Monday, April 18, 2016

Oil-freeze talks end in failure amid Saudi demands over Iran

DOHA (Bloomberg) -- Negotiations between 16 #oilproducers in Doha ended without any agreement on limiting supplies, a diplomatic failure that threatens to renew the rout in prices.

The summit in the Qatari capital, which dragged on for more than ten hours beyond its initially scheduled conclusion, finished with no final accord, Nigeria’s Petroleum Minister Emmanuel Kachikwu told reporters.

Discussions stumbled over whether the agreement should extend to other producers such as #Iran, which wasn’t present, according to a person familiar with the matter. The inability to reach consensus will lead to a “severe” drop in prices, Citigroup Inc. predicted before the meeting.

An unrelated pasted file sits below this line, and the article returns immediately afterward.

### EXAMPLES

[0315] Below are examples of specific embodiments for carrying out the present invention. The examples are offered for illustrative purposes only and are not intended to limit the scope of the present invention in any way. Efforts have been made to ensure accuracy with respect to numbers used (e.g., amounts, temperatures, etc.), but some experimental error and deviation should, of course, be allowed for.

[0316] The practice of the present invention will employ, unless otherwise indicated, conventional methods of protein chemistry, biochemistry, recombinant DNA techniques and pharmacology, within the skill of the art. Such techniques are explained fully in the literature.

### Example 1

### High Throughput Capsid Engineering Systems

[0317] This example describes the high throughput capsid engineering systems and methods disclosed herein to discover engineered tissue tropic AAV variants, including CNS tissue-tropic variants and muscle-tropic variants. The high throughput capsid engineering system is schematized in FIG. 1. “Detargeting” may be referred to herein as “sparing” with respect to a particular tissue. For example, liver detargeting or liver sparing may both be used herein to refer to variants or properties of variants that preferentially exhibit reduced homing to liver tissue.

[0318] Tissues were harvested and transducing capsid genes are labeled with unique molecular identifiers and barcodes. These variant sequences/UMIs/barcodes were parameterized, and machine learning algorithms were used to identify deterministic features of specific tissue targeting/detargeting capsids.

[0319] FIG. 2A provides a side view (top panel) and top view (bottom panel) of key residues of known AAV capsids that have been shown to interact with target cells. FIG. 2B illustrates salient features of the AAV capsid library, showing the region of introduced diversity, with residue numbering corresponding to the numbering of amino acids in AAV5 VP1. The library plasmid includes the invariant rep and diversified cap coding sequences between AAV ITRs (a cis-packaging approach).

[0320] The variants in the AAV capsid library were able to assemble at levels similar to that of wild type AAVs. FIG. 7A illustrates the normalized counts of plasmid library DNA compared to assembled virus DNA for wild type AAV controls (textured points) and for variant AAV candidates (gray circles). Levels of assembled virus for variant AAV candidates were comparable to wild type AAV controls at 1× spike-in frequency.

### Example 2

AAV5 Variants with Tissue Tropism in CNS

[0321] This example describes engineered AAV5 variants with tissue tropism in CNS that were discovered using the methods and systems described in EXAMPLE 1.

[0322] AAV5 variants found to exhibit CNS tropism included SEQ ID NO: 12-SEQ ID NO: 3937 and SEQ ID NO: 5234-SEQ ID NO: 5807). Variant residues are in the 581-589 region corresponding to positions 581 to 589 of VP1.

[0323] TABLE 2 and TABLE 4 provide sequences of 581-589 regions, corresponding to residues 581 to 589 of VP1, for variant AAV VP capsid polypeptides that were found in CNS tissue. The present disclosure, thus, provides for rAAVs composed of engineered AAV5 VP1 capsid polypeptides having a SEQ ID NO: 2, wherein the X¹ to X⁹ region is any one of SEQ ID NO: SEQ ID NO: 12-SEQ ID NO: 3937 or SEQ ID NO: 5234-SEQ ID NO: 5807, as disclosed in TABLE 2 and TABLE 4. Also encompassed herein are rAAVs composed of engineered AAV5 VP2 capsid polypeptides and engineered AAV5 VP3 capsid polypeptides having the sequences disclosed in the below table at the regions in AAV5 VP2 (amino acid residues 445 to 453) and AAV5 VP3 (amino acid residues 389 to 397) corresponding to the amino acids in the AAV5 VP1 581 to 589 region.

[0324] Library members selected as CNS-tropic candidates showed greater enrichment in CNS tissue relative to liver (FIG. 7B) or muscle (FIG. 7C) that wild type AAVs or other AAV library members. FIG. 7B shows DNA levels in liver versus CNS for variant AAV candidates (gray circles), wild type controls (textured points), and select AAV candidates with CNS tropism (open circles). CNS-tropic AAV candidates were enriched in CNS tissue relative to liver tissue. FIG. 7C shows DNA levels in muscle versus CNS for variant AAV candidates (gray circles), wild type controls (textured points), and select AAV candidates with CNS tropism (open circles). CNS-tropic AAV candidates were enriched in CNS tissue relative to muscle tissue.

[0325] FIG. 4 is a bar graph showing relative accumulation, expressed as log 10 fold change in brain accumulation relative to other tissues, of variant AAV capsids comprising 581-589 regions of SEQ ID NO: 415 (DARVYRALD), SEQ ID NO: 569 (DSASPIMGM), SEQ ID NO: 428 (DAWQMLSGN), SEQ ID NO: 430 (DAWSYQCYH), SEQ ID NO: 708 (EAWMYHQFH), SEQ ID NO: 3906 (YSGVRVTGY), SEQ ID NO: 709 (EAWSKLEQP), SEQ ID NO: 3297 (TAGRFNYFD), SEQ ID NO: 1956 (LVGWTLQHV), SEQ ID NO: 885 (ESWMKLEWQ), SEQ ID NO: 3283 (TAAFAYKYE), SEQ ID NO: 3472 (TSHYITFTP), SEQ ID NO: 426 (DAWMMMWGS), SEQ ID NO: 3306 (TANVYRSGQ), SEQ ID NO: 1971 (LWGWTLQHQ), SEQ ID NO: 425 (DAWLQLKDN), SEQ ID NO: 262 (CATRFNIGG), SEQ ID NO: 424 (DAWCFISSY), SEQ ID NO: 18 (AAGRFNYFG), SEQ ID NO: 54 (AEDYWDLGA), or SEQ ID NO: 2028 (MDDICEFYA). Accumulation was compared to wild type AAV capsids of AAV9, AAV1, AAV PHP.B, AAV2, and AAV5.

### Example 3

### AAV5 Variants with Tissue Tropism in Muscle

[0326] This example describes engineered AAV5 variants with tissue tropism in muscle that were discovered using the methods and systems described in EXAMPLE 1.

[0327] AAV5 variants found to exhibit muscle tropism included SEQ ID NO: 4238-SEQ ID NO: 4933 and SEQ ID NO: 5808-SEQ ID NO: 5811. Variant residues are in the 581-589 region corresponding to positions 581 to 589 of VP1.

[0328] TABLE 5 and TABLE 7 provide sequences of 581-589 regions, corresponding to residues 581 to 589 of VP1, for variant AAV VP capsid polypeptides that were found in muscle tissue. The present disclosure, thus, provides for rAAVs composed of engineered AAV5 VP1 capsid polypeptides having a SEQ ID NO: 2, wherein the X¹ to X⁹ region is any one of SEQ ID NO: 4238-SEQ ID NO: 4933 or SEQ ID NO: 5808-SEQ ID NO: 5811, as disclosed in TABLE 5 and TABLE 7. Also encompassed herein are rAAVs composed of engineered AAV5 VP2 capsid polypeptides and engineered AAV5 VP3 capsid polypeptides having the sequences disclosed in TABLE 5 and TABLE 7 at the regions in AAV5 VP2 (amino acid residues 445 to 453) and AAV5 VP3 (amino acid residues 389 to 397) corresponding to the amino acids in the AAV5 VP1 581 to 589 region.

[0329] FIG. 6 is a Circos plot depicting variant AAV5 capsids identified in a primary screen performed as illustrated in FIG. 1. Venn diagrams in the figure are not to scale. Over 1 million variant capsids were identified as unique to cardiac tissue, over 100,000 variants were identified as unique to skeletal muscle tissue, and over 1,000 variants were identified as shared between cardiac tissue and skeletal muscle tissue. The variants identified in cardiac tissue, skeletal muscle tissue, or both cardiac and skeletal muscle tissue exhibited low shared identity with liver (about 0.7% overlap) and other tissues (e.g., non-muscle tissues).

#Brent crude, which sank to a 12-year low in January, has climbed almost 30% in the past two months as Saudi Arabia and Russia worked on the plan to cap crude production. While analysts doubted that any accord would have a significant impact on the global oil surplus, the inability to agree on a limit undermines any prospect of coordinated action to solve the #oilcrisis. “The #Doha meeting was an opportunity for #OPEC to polish its tarnished image,” Miswin Mahesh, an analyst at Barclays Plc in London, said on April 15. “After the failure of OPEC’s December meeting, the market was uneasy about its cohesion and Doha was a chance for the group to reassert its relevance and build a circle of trust.”


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